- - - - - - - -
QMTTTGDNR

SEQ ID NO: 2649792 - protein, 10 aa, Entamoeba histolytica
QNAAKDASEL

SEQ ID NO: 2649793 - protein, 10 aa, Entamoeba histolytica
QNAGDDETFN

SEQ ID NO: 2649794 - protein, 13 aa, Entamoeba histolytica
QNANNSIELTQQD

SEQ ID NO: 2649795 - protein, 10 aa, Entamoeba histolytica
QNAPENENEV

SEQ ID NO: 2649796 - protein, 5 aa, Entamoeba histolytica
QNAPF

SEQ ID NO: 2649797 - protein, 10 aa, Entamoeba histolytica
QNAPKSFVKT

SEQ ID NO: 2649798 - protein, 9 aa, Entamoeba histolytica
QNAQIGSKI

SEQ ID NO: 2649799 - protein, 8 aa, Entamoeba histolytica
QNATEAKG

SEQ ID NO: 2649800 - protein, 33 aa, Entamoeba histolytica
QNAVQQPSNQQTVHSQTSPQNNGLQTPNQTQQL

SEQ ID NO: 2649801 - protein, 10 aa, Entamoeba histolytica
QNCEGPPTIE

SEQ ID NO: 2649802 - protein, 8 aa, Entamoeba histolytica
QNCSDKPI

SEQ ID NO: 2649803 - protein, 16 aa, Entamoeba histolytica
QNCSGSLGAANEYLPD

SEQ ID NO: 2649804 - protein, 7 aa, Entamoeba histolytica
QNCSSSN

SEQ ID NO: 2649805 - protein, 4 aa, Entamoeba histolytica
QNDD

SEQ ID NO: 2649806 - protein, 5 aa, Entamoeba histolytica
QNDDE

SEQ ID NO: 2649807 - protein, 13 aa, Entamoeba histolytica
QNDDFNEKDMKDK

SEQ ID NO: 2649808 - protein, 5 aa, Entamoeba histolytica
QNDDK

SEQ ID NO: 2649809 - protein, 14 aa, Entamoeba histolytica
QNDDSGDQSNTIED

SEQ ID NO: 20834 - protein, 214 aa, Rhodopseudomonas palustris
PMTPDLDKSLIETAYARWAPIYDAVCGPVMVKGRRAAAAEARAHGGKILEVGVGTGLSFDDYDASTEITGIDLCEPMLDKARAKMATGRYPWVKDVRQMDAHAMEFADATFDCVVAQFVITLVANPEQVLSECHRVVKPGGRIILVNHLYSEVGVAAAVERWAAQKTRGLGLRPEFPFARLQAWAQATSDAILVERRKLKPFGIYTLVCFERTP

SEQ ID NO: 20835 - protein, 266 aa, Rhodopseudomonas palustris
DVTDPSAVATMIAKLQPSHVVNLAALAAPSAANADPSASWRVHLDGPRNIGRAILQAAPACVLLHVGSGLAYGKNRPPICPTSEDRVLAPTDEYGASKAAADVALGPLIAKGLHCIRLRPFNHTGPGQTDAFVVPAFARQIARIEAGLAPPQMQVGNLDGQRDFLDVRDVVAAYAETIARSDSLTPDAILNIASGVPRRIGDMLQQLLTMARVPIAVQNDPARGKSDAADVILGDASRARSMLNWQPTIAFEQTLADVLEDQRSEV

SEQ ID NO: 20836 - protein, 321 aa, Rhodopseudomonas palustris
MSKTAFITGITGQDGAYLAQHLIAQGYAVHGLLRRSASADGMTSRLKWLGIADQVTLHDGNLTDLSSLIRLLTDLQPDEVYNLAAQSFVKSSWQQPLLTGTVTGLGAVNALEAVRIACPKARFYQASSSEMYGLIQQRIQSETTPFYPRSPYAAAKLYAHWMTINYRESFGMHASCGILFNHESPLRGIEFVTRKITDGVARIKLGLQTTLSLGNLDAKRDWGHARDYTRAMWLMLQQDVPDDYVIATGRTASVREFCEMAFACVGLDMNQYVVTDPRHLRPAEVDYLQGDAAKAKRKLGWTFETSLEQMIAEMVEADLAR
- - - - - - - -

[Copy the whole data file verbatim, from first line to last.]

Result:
QMTTTGDNR

SEQ ID NO: 2649792 - protein, 10 aa, Entamoeba histolytica
QNAAKDASEL

SEQ ID NO: 2649793 - protein, 10 aa, Entamoeba histolytica
QNAGDDETFN

SEQ ID NO: 2649794 - protein, 13 aa, Entamoeba histolytica
QNANNSIELTQQD

SEQ ID NO: 2649795 - protein, 10 aa, Entamoeba histolytica
QNAPENENEV

SEQ ID NO: 2649796 - protein, 5 aa, Entamoeba histolytica
QNAPF

SEQ ID NO: 2649797 - protein, 10 aa, Entamoeba histolytica
QNAPKSFVKT

SEQ ID NO: 2649798 - protein, 9 aa, Entamoeba histolytica
QNAQIGSKI

SEQ ID NO: 2649799 - protein, 8 aa, Entamoeba histolytica
QNATEAKG

SEQ ID NO: 2649800 - protein, 33 aa, Entamoeba histolytica
QNAVQQPSNQQTVHSQTSPQNNGLQTPNQTQQL

SEQ ID NO: 2649801 - protein, 10 aa, Entamoeba histolytica
QNCEGPPTIE

SEQ ID NO: 2649802 - protein, 8 aa, Entamoeba histolytica
QNCSDKPI

SEQ ID NO: 2649803 - protein, 16 aa, Entamoeba histolytica
QNCSGSLGAANEYLPD

SEQ ID NO: 2649804 - protein, 7 aa, Entamoeba histolytica
QNCSSSN

SEQ ID NO: 2649805 - protein, 4 aa, Entamoeba histolytica
QNDD

SEQ ID NO: 2649806 - protein, 5 aa, Entamoeba histolytica
QNDDE

SEQ ID NO: 2649807 - protein, 13 aa, Entamoeba histolytica
QNDDFNEKDMKDK

SEQ ID NO: 2649808 - protein, 5 aa, Entamoeba histolytica
QNDDK

SEQ ID NO: 2649809 - protein, 14 aa, Entamoeba histolytica
QNDDSGDQSNTIED

SEQ ID NO: 20834 - protein, 214 aa, Rhodopseudomonas palustris
PMTPDLDKSLIETAYARWAPIYDAVCGPVMVKGRRAAAAEARAHGGKILEVGVGTGLSFDDYDASTEITGIDLCEPMLDKARAKMATGRYPWVKDVRQMDAHAMEFADATFDCVVAQFVITLVANPEQVLSECHRVVKPGGRIILVNHLYSEVGVAAAVERWAAQKTRGLGLRPEFPFARLQAWAQATSDAILVERRKLKPFGIYTLVCFERTP

SEQ ID NO: 20835 - protein, 266 aa, Rhodopseudomonas palustris
DVTDPSAVATMIAKLQPSHVVNLAALAAPSAANADPSASWRVHLDGPRNIGRAILQAAPACVLLHVGSGLAYGKNRPPICPTSEDRVLAPTDEYGASKAAADVALGPLIAKGLHCIRLRPFNHTGPGQTDAFVVPAFARQIARIEAGLAPPQMQVGNLDGQRDFLDVRDVVAAYAETIARSDSLTPDAILNIASGVPRRIGDMLQQLLTMARVPIAVQNDPARGKSDAADVILGDASRARSMLNWQPTIAFEQTLADVLEDQRSEV

SEQ ID NO: 20836 - protein, 321 aa, Rhodopseudomonas palustris
MSKTAFITGITGQDGAYLAQHLIAQGYAVHGLLRRSASADGMTSRLKWLGIADQVTLHDGNLTDLSSLIRLLTDLQPDEVYNLAAQSFVKSSWQQPLLTGTVTGLGAVNALEAVRIACPKARFYQASSSEMYGLIQQRIQSETTPFYPRSPYAAAKLYAHWMTINYRESFGMHASCGILFNHESPLRGIEFVTRKITDGVARIKLGLQTTLSLGNLDAKRDWGHARDYTRAMWLMLQQDVPDDYVIATGRTASVREFCEMAFACVGLDMNQYVVTDPRHLRPAEVDYLQGDAAKAKRKLGWTFETSLEQMIAEMVEADLAR